The irony is that it's self-defeating, since cocaine is the most debilitating common drug when it comes to sexual performance.
It's not just men. 37.50% of drug addicted women do the same thing, resorting to cocaine (37%), speed balls (the colloquial term for intravenous use of heroin and cocaine together) at 25% and alcohol at 25%.
The study carried out by Professors of the department of Personality, Evaluation and Psychological Treatment, analyzed the connection between drug consumption and sexual performance. They took a poll of 120 people (104 male and 16 female drug addicts) who were administered a poll together with the Addictive Behaviour Questionnaire, a test which assesses consumption seriousness.
Cocaine and alcohol to lose inhibition
Another conclusion of the work carried out at the UGR is that 50.98% of men use drugs to have sexual relations compared to 43.75% of women. This shows the differences by sexes, as men who consume drugs to lose their inhibition use alcohol and cocaine in almost the same proportion (43 and 37%, respectively), whereas in the case of women it is alcohol, with 72% the most common substance.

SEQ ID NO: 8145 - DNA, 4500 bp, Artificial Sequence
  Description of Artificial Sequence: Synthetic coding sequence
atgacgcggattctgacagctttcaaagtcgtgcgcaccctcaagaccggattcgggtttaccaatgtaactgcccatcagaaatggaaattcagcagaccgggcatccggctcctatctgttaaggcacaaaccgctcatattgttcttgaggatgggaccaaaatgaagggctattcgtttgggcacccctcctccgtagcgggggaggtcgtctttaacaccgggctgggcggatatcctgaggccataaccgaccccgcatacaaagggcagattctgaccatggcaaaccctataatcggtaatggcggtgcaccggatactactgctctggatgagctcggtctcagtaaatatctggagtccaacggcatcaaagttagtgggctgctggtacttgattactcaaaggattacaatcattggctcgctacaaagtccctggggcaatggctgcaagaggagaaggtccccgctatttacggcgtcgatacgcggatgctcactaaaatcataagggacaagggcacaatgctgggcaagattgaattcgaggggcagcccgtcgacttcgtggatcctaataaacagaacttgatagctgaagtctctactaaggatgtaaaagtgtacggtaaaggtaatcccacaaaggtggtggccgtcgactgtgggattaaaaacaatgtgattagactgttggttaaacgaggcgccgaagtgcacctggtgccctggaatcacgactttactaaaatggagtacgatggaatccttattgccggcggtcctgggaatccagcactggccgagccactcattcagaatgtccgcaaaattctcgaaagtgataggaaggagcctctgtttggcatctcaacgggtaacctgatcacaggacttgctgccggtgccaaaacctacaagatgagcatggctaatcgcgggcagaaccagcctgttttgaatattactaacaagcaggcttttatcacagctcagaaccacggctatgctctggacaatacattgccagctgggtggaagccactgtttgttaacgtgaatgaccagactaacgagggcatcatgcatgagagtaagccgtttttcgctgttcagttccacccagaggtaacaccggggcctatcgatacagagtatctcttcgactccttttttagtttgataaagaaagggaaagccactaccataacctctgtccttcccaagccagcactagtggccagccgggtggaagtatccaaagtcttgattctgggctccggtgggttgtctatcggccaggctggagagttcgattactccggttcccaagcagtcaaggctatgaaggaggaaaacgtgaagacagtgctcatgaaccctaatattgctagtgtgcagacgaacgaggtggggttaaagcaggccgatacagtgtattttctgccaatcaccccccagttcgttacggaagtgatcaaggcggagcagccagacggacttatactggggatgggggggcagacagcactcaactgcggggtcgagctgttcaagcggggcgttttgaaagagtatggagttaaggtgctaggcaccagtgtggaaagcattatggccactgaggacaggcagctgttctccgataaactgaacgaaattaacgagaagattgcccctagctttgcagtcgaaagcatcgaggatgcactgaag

The research was carried out by Professors Pablo Vallejo Medina, Miguel Pérez García and Juan Carlos Sierra, who insist that, in the light of the results obtained, men present a paradoxical fact, "as cocaine, which is the most commonly used drug as an enhancer factor of sexuality, is also the most incapacitating drug at a sexual level."
According to researchers, this fact could be due to that drug addicts use cocaine in order to increase their sexual power and performance which, as has been proved by authors such as Cregel and Mark, only happens when consumed in low doses and in the short term. Such conditions would be difficult to keep, as consumers, due to the habit and the dependence would tend to increase both the doses and the consumption time, seriously harming the sexual function.
The research work carried out at the UGR has been developed with the collaboration of the resource of the Social Services Network of the Andalusian Council, "Cortijo Buenos Aires" of Granada, Proyecto Hombre Granada and the Unit of Emotional and Addictive Disorders of the International Hospital Medimar of Alicante.